Jesus and His disciples returned to Jerusalem the next day after clearing the money changers from the temple complex and severely rebuking the hypocrisy of Israel’s spiritual leaders. Unsurprisingly, Israel's spiritual leaders wanted some answers and were eager to confront Jesus:
Mark 11:27-28 They came again to Jerusalem. As He was walking in the temple complex, the chief priests, the scribes, and the elders came and asked Him, “By what authority are You doing these things? Who gave You this authority to do these things?
Jesus then used a parable to convey God’s displeasure with their administration of the nation’s relationship with God the Father. The religious leaders clearly got Jesus’ point…and begin to plan Jesus’ demise.
Mark 12:12 Because they knew He had said this parable against them, they were looking for a ways to arrest Him, but they were afraid of the crowd. So they left Him and went away.
Other portions of the religious establishment were then sent to challenge Jesus:
Mark 12:13 Then they sent some of the Pharisees and the Herodians to Him to trap Him by what He said.
Mark 12:18 Some Sadducees, who say there is no resurrection, came to Him and questioned Him
After rebuffing all their questions with wise answers that both amazed and delighted the crowd gathered to watch the dialogue, Jesus stopped to give them all a warning.
Mark 12:38-40 He also said in His teaching, “Beware of the scribes, who want to go around in long robes, and who want greetings in the market-places, the front seats in the synagogues, and the places of honor at banquets. They devour widows’ houses and say long prayers just for show. These will receive harsher punishment.”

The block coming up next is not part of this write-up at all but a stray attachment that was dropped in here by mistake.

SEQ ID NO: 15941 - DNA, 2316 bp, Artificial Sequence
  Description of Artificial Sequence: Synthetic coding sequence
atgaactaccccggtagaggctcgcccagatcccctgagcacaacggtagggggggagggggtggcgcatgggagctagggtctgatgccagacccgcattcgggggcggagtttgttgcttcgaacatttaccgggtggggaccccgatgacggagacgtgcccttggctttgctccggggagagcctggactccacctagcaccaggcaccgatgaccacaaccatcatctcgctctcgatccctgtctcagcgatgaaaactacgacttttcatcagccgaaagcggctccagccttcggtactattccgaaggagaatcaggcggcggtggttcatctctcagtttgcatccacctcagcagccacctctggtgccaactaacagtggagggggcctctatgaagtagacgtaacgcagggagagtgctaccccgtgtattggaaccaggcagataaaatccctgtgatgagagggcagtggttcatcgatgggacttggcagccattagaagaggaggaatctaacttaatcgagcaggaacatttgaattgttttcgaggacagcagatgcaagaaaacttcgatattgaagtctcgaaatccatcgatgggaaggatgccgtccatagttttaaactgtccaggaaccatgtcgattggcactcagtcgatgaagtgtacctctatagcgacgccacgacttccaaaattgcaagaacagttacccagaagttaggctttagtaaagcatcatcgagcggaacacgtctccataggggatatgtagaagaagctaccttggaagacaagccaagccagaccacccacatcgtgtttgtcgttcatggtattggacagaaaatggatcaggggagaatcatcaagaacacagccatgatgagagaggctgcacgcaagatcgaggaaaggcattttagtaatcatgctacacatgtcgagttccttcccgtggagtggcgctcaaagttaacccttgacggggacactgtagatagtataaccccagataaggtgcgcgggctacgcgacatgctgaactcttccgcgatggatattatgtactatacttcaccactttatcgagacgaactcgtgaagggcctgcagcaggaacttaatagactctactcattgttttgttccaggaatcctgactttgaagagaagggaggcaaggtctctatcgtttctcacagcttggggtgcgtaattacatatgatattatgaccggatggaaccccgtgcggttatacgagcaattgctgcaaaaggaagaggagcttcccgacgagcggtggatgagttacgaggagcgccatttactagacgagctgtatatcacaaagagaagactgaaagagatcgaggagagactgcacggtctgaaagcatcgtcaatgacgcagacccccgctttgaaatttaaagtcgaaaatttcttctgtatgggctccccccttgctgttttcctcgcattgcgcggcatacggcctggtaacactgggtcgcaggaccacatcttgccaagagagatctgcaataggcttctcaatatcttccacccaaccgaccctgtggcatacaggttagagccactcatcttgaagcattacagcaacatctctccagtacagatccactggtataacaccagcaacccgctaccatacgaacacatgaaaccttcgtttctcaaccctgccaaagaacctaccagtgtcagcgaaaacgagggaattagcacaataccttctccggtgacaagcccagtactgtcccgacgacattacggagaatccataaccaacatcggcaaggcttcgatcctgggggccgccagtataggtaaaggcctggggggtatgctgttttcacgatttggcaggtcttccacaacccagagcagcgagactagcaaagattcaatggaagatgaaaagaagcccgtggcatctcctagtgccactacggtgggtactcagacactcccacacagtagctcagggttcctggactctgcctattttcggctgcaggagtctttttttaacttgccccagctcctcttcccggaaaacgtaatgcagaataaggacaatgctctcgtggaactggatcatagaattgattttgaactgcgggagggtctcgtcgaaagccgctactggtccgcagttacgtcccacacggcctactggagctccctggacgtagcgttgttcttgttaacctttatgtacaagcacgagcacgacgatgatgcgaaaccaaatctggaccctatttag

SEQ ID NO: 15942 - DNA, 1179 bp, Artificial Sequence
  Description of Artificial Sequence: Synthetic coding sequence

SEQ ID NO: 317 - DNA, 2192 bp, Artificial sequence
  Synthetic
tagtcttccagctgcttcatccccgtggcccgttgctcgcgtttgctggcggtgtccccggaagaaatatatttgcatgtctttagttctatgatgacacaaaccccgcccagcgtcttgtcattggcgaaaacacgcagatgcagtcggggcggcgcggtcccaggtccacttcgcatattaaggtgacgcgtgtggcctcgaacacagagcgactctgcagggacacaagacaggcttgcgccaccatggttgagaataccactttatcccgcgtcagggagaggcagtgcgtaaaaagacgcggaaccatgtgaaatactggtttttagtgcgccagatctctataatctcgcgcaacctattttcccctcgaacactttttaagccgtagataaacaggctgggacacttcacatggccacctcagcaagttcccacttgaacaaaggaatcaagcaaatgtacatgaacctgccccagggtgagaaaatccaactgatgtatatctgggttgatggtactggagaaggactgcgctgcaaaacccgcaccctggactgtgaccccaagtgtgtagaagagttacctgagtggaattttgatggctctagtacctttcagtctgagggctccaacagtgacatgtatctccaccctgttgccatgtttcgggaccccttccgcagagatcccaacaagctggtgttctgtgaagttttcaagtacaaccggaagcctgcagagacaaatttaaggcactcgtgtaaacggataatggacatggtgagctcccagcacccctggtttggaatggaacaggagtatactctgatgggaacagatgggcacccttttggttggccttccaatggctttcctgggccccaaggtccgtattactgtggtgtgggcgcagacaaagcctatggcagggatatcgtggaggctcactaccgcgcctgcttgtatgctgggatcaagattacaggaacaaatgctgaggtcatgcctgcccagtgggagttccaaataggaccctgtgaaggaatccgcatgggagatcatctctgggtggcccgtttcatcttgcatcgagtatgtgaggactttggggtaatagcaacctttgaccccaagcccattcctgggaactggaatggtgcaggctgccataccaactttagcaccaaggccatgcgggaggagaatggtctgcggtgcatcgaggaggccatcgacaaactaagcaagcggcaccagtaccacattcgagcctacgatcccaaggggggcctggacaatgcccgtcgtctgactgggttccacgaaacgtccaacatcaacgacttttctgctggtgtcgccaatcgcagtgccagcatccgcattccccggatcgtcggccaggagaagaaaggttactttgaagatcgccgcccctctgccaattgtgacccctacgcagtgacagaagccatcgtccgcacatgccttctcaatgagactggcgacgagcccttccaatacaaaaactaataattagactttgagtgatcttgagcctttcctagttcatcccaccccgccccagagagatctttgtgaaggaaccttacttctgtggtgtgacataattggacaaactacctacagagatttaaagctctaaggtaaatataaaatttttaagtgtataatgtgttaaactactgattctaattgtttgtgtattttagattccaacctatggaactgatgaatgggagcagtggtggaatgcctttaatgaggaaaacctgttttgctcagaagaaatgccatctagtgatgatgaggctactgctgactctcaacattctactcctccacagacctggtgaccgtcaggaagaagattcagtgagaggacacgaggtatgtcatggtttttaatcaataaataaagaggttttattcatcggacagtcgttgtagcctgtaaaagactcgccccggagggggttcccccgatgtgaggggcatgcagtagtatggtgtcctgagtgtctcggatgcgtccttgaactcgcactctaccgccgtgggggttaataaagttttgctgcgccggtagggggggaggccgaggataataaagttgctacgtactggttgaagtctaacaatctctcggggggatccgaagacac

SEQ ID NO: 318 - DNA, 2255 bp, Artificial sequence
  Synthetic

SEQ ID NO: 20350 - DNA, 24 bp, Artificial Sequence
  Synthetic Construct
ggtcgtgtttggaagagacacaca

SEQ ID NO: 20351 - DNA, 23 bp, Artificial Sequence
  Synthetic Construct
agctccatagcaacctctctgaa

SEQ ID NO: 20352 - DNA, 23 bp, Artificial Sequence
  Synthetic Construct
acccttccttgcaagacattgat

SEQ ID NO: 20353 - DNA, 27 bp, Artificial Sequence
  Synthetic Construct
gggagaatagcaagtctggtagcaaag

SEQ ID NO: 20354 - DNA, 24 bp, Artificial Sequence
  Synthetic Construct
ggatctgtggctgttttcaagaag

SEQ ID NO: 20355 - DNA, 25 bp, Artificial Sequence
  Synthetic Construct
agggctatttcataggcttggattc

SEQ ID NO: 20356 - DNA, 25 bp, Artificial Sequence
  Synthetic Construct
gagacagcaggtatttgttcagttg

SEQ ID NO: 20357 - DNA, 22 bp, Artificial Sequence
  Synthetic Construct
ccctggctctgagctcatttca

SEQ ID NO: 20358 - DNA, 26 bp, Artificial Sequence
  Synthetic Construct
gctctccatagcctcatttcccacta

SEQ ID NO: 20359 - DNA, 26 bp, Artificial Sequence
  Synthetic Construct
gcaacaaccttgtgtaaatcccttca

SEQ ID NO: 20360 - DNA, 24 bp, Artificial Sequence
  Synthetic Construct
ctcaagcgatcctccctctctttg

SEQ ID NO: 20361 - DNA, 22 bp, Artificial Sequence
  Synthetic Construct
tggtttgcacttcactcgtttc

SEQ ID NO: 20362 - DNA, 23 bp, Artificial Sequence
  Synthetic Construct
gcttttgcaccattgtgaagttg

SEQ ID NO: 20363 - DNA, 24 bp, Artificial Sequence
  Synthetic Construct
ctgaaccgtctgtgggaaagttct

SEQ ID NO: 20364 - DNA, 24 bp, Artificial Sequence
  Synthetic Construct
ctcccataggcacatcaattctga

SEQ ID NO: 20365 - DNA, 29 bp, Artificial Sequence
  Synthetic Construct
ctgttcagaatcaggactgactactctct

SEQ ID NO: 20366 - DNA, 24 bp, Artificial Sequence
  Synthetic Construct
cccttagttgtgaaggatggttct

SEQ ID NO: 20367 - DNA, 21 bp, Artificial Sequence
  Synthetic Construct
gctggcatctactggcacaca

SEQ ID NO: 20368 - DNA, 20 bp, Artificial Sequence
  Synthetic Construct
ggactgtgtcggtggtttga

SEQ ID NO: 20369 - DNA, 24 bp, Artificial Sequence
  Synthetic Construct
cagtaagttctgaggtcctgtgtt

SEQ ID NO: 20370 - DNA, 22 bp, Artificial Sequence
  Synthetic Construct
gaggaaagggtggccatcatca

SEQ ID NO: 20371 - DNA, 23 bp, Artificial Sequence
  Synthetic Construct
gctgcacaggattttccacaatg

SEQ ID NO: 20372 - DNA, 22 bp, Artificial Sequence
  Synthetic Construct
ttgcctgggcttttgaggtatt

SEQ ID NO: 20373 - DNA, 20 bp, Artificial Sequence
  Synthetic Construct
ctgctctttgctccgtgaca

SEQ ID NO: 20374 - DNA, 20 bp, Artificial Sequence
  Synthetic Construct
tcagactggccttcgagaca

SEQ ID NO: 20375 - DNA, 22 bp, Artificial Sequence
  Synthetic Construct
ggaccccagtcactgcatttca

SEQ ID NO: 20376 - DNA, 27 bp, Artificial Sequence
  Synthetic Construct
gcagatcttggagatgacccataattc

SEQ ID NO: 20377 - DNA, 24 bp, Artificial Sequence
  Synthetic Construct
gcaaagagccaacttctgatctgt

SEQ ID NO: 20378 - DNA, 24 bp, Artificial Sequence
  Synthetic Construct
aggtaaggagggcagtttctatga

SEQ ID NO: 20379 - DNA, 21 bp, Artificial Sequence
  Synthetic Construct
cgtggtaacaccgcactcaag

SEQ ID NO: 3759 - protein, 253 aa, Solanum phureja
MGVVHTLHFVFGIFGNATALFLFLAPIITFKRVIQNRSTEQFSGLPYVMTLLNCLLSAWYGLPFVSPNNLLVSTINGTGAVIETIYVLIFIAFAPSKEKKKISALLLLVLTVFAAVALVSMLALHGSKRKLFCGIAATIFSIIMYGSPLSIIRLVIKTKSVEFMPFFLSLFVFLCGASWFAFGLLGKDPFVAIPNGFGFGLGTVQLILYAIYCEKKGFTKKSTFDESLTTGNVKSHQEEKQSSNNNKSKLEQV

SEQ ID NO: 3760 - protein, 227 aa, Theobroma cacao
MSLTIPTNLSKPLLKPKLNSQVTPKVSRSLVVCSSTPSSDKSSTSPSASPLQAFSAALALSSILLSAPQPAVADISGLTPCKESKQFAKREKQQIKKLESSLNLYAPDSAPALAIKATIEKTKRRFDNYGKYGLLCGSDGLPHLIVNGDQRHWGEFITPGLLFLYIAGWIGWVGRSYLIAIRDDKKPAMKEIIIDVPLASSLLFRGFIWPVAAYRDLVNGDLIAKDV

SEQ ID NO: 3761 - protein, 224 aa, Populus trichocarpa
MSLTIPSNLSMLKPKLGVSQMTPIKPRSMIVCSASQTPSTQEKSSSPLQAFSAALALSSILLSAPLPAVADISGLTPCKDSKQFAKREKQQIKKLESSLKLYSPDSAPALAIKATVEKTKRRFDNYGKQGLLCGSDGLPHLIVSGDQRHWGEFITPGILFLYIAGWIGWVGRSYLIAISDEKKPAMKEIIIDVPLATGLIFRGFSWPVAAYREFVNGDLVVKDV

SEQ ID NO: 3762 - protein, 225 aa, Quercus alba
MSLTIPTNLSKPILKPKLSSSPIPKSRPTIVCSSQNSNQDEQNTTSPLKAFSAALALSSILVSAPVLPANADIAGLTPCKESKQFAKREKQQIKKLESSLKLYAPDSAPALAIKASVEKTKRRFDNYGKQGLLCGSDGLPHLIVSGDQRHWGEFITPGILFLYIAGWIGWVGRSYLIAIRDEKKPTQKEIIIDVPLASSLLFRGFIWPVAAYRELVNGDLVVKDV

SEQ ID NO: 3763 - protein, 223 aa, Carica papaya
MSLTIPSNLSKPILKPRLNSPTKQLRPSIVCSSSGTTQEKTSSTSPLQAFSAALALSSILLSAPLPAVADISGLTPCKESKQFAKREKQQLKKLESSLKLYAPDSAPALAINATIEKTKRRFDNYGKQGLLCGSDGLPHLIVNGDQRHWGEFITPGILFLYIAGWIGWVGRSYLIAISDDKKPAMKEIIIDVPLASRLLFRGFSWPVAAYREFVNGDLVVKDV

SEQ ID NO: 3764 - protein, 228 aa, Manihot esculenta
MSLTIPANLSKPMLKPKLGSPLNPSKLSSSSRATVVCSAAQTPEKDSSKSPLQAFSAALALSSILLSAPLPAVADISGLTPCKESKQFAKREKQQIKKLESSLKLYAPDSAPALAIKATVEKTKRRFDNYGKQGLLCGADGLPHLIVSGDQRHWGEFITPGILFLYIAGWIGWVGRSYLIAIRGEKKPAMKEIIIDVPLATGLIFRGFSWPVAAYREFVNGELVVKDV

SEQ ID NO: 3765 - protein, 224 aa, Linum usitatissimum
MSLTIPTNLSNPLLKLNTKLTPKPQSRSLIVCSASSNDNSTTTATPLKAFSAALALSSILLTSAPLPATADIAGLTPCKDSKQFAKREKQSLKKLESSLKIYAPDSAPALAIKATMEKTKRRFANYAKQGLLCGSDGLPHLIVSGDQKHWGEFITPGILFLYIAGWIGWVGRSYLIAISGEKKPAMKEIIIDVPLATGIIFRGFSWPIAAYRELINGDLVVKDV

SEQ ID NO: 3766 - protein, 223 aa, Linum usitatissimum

The scribes were members of the learned class, with responsibilities for studying the Hebrew Scriptures. They also served as copyists, editors, teachers, and jurists. They were held in high regard, and as such, they were also prone to holding themselves in high regard.
Jesus gave a specific list of actions that would help the crowd identify scribes to be wary of. Their actions betrayed the heart’s true desire – to be given honor, rather than giving honor to God.
It’s the last identifier that I find rather interesting – the scribes would say long prayers just for show. Their words were for those around them, in order that they would be noticed and highly regarded. They would go on and on in great spiritual-sounding dialogue…and yet their target audience was only those physically around them.
We would be wise to consider the prayers of the spiritual leaders around us. When you hear them pray, see if you can identify whom they are talking to…are they talking to God, or are they talking to you? Are they praying for God’s will or just communicating information with their eyes closed?
Don’t forget to do a self-evaluation as well. If my prayer habits and phrases are different when I pray by myself vs. when I pray around others, then it would be a good idea to speak to God privately about the matter. Ask His forgiveness and for instruction on how to pray to Him when other people are around.
The last thing we want is to end up like the self-seeking scribes, because after all, their choices eventually led them to receive harsher punishment. God has a long track record of severely correcting those who misrepresent Him in the manner which the scribes were doing.
Let’s beware leaders who act like that, and also make sure that we don’t act like that either. As Jesus pointed out, a good litmus test to evaluate the purpose of our hearts is to listen to what is said in public prayers.